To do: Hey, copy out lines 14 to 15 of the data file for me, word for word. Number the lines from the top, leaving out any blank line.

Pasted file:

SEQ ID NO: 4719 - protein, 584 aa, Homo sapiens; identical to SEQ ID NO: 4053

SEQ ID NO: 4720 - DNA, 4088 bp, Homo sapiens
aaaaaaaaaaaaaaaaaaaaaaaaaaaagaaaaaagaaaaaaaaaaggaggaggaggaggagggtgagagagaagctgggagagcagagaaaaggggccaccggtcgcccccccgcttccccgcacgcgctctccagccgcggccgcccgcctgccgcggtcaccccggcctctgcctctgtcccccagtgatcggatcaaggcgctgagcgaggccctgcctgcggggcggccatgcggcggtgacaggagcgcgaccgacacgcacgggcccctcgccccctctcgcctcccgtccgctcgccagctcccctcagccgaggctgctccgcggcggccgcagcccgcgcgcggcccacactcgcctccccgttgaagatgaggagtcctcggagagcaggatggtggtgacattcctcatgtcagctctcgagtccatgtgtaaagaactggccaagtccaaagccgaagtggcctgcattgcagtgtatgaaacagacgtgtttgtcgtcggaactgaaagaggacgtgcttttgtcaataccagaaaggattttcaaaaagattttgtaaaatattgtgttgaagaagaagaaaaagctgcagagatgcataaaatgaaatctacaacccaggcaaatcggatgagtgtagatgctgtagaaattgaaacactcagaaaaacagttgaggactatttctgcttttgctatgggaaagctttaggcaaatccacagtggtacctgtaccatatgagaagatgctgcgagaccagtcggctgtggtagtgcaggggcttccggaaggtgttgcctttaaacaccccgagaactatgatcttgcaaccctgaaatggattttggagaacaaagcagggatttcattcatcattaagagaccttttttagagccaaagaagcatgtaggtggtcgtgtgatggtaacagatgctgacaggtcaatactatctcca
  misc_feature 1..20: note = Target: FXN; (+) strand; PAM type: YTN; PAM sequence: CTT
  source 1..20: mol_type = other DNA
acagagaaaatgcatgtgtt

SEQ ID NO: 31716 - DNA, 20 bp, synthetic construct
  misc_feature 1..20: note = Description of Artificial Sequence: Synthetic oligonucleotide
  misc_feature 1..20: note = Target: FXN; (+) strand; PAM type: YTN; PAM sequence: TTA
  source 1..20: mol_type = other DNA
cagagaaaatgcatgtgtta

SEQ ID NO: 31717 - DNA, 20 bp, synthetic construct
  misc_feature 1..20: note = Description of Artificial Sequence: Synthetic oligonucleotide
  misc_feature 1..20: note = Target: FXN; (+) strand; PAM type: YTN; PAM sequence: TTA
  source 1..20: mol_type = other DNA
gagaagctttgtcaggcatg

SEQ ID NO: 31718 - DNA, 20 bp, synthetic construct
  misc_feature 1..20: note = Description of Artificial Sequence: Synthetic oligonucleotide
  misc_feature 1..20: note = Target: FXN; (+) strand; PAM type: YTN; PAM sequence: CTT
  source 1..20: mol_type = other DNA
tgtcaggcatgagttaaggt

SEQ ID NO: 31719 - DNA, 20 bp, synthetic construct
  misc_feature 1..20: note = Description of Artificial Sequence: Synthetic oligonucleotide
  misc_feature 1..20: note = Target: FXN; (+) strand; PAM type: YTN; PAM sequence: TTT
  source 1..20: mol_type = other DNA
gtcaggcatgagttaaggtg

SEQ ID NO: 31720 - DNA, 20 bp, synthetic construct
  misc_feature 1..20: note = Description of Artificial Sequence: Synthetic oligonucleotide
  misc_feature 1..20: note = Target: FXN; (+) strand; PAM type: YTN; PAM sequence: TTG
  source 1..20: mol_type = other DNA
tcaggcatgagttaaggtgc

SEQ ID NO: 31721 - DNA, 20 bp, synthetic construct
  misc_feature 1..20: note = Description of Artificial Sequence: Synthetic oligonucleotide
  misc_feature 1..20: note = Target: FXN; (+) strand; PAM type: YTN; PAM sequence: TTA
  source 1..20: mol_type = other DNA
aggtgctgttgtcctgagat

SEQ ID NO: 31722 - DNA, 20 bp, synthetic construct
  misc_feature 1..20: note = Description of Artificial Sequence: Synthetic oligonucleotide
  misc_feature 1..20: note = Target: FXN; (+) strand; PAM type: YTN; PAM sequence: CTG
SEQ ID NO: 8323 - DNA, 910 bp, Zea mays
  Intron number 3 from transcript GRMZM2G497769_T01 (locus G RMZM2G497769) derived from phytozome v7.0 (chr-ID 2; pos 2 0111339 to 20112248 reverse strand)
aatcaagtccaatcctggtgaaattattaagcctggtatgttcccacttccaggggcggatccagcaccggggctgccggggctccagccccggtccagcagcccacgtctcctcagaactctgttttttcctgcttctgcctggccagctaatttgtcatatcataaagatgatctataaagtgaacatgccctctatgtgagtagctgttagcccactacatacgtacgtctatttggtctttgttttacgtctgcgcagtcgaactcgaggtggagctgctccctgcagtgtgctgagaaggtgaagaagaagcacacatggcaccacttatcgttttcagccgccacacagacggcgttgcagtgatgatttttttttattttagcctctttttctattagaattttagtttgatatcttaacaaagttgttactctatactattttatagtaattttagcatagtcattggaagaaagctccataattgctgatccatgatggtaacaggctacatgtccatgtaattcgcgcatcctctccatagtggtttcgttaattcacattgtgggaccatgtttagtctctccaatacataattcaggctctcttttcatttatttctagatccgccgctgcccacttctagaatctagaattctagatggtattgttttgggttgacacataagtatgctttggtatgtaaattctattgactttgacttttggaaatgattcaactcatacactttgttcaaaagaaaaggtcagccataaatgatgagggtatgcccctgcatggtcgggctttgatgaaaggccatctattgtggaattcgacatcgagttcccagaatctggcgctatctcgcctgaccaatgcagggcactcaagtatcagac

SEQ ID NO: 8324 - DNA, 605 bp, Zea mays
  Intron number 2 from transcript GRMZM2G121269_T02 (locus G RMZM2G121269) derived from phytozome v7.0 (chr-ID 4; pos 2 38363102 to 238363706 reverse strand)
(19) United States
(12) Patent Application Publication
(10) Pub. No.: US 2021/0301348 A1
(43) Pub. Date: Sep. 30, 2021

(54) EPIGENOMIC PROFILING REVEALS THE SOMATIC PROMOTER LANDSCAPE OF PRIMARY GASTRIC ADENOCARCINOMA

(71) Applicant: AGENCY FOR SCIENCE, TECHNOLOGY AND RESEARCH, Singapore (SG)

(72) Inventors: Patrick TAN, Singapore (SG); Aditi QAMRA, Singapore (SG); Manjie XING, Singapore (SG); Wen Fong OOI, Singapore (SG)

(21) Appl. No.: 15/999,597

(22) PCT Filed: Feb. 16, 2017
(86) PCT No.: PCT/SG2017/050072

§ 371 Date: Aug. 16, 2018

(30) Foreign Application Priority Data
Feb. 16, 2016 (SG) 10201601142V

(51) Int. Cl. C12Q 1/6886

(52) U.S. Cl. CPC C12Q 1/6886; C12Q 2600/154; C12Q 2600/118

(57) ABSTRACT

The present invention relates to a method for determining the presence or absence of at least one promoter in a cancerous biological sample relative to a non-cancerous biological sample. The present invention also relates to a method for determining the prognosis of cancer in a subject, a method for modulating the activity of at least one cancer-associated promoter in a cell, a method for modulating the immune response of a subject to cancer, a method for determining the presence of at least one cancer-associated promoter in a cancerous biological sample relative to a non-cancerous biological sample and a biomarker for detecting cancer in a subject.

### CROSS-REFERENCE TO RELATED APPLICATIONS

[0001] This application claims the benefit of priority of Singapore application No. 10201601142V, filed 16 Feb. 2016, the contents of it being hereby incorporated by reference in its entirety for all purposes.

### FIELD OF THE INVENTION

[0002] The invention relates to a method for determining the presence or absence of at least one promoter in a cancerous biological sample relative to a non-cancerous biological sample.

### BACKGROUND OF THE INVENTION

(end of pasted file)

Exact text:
  misc_feature 1..20: note = Target: FXN; (+) strand; PAM type: YTN; PAM sequence: TTA
  source 1..20: mol_type = other DNA